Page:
Cirsium arvense (L.) Scop.
Family - Asteraceae
Habit - Perennial forb, imperfectly dioecious (some plants with only pistillate florets, others with a combination of staminate and perfect florets), suckering and forming potentially large, clonal colonies from widely creeping, deep-set, black roots.
Stems - Erect, to 1.5 m, usually several-branched toward the tip, glabrous or with patches of cobwebby hairs (especially when young), hollow, striate, lacking spiny-margined wings.
Leaves - Basal and alternate. Basal leaves usually absent at flowering, 8-30 cm long, 2-6 cm wide, narrowly oblong-lanceolate to elliptic or ovate, tapered at the base, sharply pointed at the tip, shallowly to deeply pinnately lobed, the lobes spiny and sometimes irregularly toothed, the upper surface appearing green, glabrous to thinly pubescent with woolly or cobwebby hairs, the undersurface appearing green or more commonly gray, glabrous to densely pubescent with woolly or felty hairs. Stem leaves well developed nearly to the inflorescence, mostly 2-20 cm long, slightly expanded and sometimes minutely decurrent at the base, often somewhat narrower than but otherwise like the basal leaves.
Stem and leaf.
Inflorescence - Loose clusters or solitary heads at branch tips. Branches of inflorescence (peduncles) pubescent with cobwebby hairs.
Heads - Involucre 10-20 mm long, as long as or slightly longer than wide, urn-shaped, glabrous or more commonly somewhat cobwebby-hairy. Involucral bracts imbricate, appressed, the lower and median bracts tapered to an appressed or ascending, nonspiny tip, this often with a minute, sharp point, green or purplish-tinged, usually also somewhat sticky along the midrib. Bract tips usually slightly spreading. Outer bracts with sparse to moderate arachnoid pubescence. Receptacle flat.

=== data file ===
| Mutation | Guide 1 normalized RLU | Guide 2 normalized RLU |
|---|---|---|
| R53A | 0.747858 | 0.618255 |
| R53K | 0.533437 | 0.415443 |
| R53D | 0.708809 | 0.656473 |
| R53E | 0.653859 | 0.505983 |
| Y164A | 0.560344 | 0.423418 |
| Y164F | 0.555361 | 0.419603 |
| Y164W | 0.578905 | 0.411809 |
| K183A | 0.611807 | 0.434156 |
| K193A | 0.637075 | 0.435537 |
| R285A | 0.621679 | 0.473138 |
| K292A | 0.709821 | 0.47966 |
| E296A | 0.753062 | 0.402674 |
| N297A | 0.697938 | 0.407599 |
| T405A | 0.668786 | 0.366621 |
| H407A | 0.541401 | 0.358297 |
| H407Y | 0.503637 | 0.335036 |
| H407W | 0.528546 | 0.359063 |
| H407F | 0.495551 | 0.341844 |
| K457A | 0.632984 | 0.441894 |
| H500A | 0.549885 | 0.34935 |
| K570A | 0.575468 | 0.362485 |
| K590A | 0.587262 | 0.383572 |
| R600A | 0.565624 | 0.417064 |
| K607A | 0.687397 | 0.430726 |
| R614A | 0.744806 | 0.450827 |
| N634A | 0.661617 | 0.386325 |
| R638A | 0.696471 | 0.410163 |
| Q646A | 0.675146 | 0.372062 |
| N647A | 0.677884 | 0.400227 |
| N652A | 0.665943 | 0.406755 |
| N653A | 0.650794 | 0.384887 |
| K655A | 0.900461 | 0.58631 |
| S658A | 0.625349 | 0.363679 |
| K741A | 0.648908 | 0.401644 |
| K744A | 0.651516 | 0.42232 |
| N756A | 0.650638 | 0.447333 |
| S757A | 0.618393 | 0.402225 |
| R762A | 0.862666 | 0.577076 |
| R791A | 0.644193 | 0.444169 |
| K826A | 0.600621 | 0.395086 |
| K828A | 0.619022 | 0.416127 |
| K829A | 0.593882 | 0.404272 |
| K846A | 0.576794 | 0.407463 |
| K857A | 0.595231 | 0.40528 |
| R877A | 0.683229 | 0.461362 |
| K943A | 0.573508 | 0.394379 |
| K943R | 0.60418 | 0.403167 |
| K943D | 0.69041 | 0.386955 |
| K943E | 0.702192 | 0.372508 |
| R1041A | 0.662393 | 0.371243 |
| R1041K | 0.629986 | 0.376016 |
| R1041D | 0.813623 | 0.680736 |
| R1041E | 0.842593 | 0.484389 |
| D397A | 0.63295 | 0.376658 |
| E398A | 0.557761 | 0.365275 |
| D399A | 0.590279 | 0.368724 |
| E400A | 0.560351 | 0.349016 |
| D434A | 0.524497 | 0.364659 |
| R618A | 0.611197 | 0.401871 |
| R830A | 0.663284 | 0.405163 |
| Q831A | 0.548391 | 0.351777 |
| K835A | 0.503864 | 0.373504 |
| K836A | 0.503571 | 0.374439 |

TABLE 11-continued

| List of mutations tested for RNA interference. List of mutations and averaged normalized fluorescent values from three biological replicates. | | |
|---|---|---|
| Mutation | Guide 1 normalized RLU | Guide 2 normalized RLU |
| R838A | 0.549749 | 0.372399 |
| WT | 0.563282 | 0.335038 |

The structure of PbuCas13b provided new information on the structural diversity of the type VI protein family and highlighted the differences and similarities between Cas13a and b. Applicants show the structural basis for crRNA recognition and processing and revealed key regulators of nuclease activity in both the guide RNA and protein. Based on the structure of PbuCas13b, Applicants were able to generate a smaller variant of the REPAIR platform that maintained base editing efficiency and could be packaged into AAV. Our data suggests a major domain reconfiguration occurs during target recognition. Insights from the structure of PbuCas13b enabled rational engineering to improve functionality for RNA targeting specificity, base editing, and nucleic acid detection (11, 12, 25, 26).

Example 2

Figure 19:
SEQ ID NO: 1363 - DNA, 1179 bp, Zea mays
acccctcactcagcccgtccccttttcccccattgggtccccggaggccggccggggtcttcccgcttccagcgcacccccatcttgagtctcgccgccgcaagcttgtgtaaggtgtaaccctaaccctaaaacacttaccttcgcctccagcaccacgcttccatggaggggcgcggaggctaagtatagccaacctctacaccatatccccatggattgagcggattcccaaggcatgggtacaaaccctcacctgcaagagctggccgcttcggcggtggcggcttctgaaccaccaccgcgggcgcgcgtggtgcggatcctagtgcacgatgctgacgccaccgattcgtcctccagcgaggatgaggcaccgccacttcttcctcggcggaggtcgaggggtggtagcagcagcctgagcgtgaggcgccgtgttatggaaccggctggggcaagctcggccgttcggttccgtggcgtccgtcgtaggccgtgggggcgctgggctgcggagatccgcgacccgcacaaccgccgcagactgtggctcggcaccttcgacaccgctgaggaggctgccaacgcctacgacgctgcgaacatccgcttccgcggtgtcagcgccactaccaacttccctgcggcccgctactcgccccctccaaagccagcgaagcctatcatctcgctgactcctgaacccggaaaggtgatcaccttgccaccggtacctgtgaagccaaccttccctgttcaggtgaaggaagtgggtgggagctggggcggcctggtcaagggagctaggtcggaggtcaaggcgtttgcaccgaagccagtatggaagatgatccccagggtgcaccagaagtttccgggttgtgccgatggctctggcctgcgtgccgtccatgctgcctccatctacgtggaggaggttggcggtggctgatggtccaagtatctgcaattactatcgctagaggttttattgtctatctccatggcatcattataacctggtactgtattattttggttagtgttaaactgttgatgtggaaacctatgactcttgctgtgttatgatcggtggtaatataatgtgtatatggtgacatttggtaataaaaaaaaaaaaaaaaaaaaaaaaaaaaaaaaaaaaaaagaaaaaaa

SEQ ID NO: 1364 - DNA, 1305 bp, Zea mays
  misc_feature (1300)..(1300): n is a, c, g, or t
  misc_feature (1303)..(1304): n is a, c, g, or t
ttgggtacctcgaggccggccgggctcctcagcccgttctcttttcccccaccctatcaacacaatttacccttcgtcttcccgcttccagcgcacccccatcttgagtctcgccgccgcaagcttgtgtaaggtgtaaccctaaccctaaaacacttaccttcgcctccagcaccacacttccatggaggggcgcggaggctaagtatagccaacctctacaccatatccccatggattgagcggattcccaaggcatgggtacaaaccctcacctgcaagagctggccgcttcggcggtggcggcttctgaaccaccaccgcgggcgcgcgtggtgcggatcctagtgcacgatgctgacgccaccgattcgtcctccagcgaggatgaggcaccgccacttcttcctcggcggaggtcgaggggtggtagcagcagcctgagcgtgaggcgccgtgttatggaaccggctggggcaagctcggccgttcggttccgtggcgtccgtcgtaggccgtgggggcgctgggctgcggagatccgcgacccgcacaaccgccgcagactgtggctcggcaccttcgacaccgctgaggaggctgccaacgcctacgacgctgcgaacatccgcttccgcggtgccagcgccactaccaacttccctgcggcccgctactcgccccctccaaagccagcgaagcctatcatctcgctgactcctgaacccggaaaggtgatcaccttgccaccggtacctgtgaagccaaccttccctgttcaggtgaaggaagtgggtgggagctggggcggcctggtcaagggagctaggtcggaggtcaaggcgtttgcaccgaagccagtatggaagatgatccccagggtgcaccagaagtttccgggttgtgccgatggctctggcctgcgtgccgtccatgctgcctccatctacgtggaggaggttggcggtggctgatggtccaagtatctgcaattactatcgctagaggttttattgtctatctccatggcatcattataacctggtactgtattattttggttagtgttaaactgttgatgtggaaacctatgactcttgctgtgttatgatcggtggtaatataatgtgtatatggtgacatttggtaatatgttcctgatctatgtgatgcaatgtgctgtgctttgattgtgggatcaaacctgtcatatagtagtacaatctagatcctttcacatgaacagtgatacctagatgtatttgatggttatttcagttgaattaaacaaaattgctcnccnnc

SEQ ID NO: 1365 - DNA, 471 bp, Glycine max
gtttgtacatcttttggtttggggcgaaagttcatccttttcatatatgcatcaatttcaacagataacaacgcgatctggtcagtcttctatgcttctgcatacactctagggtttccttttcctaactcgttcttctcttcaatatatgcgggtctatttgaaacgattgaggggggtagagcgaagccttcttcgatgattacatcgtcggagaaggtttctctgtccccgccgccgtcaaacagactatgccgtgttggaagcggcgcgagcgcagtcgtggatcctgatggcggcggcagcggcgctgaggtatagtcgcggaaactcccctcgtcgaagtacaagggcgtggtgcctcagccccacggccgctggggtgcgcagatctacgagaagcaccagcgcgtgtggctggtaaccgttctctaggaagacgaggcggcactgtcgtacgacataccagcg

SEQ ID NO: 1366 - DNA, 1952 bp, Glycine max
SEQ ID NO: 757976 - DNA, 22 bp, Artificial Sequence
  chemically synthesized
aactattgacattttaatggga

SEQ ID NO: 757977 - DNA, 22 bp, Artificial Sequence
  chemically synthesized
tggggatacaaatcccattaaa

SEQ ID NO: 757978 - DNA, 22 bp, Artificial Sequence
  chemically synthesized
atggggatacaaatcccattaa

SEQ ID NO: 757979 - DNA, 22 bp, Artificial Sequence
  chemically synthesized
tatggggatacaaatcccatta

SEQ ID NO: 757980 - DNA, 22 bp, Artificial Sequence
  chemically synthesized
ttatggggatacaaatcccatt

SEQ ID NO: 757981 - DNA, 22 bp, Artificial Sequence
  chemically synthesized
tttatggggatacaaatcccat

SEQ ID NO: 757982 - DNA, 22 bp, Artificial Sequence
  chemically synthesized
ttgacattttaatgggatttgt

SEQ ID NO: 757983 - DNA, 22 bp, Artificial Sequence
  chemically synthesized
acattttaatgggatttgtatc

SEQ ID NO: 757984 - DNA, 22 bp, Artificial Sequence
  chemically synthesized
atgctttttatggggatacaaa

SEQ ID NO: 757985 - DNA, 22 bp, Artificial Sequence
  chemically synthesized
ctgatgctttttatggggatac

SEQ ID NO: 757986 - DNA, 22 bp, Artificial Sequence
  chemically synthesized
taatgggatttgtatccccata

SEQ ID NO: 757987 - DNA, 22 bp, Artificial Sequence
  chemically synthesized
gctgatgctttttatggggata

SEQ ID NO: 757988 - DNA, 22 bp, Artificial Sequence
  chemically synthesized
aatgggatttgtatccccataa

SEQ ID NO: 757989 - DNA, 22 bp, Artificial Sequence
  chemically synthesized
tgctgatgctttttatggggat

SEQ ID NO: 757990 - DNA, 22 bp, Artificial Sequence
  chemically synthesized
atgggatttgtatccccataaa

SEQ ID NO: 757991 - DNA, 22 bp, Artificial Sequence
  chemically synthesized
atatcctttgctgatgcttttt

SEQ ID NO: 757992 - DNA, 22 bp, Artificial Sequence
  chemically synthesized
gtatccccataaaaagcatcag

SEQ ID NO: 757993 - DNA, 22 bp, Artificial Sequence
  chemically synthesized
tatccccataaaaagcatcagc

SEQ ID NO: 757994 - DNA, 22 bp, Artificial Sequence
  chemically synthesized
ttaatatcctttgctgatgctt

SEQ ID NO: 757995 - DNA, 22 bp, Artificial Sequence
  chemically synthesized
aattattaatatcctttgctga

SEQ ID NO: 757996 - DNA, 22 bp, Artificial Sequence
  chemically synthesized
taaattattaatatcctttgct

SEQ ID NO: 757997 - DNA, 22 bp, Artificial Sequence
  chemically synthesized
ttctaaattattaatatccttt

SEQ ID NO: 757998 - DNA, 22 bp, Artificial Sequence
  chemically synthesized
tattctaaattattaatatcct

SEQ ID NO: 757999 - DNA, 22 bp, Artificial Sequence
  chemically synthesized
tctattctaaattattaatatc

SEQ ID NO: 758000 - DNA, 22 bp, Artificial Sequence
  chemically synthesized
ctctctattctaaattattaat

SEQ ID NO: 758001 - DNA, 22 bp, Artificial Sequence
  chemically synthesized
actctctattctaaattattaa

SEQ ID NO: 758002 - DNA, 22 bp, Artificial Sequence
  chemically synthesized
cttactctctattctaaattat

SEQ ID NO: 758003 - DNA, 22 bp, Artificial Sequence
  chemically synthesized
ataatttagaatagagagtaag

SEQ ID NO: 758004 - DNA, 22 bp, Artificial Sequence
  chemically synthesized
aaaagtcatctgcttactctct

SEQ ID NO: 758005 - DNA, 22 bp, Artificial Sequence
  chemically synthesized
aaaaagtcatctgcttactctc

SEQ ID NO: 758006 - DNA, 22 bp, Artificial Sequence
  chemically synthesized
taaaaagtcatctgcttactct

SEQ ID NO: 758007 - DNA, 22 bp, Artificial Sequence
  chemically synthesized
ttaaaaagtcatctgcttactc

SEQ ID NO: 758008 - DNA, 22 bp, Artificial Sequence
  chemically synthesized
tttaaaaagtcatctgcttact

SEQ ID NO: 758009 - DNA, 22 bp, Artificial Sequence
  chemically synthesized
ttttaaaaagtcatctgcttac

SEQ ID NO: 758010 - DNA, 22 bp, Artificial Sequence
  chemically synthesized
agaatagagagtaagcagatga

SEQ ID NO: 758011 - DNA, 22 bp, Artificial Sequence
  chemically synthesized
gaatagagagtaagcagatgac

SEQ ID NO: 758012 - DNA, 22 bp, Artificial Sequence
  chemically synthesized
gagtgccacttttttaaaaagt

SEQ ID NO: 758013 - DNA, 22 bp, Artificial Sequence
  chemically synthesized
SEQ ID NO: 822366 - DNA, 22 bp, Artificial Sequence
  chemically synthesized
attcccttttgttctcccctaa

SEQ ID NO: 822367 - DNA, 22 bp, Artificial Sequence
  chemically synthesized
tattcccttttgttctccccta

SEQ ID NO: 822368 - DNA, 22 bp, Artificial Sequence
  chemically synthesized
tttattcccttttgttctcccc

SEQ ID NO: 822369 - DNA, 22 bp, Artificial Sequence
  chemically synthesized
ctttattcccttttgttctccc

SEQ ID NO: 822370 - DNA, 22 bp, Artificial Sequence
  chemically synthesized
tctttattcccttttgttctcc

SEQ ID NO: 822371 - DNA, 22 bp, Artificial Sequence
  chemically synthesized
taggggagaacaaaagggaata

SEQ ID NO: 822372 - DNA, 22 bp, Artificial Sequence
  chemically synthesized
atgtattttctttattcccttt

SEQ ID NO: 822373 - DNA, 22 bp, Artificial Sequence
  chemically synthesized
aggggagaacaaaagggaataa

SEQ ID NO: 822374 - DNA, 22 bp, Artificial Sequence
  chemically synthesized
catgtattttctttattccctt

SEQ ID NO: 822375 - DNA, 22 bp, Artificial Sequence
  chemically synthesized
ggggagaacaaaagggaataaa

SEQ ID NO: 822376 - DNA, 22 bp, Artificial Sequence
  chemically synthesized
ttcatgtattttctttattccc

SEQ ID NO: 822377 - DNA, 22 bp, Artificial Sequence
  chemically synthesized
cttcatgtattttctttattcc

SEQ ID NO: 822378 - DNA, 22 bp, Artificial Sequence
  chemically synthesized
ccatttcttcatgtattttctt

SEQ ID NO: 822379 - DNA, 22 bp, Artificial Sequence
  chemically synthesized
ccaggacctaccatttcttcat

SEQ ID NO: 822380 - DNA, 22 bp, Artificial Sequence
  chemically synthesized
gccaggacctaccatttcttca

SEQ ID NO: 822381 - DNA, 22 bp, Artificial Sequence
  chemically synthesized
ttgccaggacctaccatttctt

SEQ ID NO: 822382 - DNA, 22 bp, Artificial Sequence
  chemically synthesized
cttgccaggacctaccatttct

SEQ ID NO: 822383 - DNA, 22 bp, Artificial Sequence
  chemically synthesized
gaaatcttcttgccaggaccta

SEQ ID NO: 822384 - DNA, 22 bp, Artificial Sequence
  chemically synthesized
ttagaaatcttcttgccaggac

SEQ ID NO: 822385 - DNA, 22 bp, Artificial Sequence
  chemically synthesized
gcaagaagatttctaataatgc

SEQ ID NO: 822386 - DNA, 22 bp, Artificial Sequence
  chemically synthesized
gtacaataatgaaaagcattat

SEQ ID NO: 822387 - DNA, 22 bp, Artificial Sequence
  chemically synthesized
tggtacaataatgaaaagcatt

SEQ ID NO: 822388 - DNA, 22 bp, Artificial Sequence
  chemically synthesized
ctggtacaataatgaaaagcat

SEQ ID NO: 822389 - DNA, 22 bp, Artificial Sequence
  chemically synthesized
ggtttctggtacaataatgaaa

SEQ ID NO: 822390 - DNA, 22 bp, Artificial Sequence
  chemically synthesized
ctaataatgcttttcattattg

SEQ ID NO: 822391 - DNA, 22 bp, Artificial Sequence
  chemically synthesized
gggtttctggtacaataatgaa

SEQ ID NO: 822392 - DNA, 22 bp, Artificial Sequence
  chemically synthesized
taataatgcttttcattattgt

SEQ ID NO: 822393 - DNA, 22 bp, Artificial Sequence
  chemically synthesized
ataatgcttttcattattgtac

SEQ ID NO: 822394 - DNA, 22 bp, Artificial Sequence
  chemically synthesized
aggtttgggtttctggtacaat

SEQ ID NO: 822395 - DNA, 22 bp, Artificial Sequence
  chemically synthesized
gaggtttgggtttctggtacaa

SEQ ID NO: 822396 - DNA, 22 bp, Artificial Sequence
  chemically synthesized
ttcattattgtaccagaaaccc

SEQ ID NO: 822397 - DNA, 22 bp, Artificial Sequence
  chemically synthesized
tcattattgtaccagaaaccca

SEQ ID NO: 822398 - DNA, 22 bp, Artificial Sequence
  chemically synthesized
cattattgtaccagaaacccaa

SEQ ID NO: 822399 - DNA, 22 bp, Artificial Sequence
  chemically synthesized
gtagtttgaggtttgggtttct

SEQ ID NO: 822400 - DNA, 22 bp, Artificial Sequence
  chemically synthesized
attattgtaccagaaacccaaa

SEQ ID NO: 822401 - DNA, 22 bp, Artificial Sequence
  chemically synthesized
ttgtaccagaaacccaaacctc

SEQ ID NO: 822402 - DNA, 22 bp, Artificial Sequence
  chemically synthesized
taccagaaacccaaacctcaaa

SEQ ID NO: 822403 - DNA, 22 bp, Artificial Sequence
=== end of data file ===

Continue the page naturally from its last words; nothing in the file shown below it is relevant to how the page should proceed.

Ray flowers - Absent.
Disk flowers - Corollas 12-20 mm long (those of staminate florets slightly shorter than those of pistillate florets), pale pinkish to lavender-purple, rarely white, the 5 lobes 3-5 mm long, thickened at apex with small protuberance. Pappus of dense plumose bristles, 12-25 mm long at flowering (longer in pistillate than in staminate florets), white or grayish-tinged.
Fruits - Achenes to 2.5-4.0 mm long, glabrous, terete to weakly 4-angled.
Flowering - June - October.
Habitat - Crop fields, disturbed areas, roadsides, railroads.
Origin - Native to Eurasia.
Lookalikes - Other thistles, e.g. Cirsium discolor, C. vulgare, etc.
Other info. - This is a nasty, noxious weed throughout much of the U.S., particularly in
states to our north and west. Fortunately, it is still relatively uncommon in Missouri, having been collected in only eight counties
thus far. In addition to its general thistle-like appearance, the plant is recognized by usually having numerous, smallish flowering
heads. The stems are unwinged, the leaf undersides are greenish rather than whitened, and the involucral bracts are pointed but not spiny.
The plant is quite aggressive, and due to its deep and extensive rhizomes is very difficult to eradicate.
The plant is not without redeeming qualities. Like most thistles it is enjoyed by birds as a source of seeds, and by insects as
a source of nectar. Nevertheless, the plant should never be deliberately cultivated or spread, as there are numerous species, including other thistles,
which are far less noxious and better behaved within the natural communities they inhabit.
The plant is not without redeeming qualities. Like most thistles it is enjoyed by birds as a source of seeds, and by insects as a source of nectar. Nevertheless, the plant should never be deliberately cultivated or spread, as there are numerous species, including other thistles, which are far less noxious and better behaved within the natural communities they inhabit.
Photographs taken in Spencer, WI., 8-6-04 (DETenaglia), also along a crop field near Fremont, Newaygo County, MI, 7-2-2014 (SRTurner).